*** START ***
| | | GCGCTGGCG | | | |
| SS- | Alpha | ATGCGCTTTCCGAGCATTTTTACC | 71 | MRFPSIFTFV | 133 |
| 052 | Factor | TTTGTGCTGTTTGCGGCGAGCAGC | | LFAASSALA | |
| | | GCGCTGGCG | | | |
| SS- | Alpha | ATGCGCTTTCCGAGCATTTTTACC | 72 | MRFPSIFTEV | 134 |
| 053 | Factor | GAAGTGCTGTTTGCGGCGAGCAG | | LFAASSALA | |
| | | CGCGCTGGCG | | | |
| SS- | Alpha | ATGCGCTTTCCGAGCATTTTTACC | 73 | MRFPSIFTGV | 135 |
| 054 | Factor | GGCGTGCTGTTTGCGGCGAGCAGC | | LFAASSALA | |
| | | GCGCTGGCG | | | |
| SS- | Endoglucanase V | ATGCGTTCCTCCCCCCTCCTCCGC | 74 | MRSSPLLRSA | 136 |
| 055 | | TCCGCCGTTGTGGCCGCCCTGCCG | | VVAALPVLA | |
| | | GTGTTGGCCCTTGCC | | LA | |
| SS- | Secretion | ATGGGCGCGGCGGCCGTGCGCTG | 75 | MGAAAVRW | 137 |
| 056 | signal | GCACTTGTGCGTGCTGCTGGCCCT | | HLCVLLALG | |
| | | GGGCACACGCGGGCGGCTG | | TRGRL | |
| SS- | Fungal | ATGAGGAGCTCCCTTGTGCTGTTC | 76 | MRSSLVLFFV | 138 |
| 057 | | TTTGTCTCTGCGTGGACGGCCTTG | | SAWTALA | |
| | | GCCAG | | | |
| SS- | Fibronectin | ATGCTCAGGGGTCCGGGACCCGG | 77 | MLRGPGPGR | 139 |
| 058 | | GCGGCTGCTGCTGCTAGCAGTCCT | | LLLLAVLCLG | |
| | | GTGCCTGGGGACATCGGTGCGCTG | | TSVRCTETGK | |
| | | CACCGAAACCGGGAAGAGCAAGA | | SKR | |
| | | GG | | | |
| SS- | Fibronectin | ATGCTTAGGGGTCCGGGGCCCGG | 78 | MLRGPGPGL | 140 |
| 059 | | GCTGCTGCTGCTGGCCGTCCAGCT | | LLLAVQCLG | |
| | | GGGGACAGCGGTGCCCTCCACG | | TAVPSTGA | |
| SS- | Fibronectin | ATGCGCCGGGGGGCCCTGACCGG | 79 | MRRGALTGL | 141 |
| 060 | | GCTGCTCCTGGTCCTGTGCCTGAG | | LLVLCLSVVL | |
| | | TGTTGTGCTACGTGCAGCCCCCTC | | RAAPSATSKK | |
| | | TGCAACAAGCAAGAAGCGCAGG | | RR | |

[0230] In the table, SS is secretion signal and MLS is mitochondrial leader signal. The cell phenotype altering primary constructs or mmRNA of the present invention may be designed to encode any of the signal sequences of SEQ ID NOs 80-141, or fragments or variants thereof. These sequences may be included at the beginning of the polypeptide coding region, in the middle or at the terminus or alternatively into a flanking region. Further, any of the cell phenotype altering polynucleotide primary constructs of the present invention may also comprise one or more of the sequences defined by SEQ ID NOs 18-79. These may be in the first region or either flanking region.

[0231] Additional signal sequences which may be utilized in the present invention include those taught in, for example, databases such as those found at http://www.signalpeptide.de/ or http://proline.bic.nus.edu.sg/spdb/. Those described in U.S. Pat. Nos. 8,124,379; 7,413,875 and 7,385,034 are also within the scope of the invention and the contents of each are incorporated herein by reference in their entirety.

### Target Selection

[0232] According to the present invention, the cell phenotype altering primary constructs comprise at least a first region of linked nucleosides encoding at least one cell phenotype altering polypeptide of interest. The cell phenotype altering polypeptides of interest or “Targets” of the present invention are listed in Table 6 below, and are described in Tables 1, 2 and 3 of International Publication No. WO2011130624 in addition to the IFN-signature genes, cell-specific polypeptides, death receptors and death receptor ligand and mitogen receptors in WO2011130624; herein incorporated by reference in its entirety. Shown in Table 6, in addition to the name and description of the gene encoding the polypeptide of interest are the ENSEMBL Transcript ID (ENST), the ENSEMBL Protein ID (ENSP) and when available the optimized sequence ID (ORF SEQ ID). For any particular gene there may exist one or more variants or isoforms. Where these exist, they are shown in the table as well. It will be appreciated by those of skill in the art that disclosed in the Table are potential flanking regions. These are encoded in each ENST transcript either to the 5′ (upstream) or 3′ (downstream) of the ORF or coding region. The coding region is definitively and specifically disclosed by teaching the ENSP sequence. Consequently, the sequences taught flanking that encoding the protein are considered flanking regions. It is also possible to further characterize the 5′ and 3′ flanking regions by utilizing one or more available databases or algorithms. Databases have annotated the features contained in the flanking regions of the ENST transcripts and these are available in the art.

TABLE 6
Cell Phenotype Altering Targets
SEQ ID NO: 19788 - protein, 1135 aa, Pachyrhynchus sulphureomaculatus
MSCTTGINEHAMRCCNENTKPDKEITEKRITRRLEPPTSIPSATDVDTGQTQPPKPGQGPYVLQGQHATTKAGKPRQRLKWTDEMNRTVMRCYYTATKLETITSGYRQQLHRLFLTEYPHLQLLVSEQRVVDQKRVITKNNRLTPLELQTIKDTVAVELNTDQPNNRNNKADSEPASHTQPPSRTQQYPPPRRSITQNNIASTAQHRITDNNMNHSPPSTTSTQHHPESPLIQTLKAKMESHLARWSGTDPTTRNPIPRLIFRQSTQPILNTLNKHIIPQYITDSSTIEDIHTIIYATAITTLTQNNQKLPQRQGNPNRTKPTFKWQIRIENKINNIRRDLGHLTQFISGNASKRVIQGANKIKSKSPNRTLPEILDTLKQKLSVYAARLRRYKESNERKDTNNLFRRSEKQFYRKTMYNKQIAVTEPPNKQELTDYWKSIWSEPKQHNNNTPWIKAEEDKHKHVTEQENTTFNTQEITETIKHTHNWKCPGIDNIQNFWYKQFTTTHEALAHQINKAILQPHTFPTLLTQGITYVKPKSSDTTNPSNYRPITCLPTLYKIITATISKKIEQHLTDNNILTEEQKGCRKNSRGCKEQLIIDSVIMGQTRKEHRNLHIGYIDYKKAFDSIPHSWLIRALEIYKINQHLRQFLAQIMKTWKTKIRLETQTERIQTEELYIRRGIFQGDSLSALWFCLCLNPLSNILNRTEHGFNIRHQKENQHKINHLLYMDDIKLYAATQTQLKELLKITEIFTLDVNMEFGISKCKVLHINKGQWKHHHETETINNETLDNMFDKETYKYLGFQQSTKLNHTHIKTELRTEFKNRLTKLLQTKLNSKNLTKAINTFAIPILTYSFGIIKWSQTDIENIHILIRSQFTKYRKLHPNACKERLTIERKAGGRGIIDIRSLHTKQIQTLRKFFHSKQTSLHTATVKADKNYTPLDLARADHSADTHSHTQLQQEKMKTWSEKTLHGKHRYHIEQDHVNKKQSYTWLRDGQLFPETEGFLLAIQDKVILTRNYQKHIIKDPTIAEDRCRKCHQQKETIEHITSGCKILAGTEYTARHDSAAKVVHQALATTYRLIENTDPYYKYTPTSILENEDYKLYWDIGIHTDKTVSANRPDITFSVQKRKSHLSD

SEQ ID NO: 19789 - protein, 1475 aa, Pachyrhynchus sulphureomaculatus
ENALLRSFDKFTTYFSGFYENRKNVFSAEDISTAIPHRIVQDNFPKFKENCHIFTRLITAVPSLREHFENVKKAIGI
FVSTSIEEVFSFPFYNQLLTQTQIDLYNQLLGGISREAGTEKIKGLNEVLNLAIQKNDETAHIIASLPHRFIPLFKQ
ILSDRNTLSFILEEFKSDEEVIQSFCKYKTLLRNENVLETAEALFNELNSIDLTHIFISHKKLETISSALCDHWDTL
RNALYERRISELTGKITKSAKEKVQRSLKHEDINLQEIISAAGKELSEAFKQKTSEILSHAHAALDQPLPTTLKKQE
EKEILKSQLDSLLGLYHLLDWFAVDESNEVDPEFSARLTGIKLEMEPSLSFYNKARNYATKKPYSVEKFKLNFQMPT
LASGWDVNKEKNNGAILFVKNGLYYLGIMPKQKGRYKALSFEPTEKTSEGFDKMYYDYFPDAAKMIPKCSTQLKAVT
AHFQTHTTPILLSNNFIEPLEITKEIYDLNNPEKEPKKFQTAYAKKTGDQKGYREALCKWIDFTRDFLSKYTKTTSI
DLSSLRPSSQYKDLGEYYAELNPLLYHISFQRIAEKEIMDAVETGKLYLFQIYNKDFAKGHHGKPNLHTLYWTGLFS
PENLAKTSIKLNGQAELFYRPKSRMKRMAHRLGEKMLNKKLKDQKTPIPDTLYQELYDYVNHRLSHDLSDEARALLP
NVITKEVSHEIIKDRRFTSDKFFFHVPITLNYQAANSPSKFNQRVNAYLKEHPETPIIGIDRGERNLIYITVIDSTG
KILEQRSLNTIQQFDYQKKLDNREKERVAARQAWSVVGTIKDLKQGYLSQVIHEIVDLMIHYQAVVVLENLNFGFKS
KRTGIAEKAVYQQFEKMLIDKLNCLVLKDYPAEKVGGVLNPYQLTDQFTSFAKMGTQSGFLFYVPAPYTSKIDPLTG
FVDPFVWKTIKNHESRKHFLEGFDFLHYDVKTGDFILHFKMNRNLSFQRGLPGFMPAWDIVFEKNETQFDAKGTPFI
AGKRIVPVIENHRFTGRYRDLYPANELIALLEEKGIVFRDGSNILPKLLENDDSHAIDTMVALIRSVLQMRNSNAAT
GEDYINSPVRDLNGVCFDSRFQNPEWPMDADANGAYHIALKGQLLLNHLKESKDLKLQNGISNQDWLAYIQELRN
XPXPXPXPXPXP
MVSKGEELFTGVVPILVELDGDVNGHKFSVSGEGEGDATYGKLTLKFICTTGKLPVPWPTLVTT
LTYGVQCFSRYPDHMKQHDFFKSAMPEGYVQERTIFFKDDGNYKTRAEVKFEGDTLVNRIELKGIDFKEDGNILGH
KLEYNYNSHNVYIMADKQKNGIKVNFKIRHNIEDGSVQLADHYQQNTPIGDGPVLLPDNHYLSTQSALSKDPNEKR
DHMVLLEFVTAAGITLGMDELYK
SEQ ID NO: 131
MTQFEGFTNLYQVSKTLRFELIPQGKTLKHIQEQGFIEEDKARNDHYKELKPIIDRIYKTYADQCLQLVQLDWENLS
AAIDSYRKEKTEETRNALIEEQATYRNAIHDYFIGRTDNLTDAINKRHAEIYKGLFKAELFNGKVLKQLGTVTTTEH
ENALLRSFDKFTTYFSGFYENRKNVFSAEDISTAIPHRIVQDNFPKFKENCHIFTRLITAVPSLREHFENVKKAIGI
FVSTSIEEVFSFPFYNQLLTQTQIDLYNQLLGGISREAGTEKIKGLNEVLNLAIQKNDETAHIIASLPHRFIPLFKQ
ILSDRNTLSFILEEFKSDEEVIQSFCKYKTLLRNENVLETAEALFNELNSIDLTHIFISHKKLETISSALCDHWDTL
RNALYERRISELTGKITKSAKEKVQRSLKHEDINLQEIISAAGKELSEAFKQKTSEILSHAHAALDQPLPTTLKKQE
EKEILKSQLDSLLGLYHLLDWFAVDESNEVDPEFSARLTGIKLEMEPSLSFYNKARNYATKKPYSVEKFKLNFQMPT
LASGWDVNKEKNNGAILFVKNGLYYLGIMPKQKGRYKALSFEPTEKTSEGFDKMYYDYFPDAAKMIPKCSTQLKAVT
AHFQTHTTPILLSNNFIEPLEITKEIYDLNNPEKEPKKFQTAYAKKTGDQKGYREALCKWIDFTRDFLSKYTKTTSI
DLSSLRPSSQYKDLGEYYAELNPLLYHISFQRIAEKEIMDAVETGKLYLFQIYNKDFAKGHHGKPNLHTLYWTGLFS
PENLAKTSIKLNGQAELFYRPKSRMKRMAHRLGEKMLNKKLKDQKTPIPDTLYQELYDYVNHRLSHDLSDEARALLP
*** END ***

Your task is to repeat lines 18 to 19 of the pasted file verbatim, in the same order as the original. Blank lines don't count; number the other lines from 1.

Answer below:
| 057 | | TTTGTCTCTGCGTGGACGGCCTTG | | SAWTALA | |
| | | GCCAG | | | |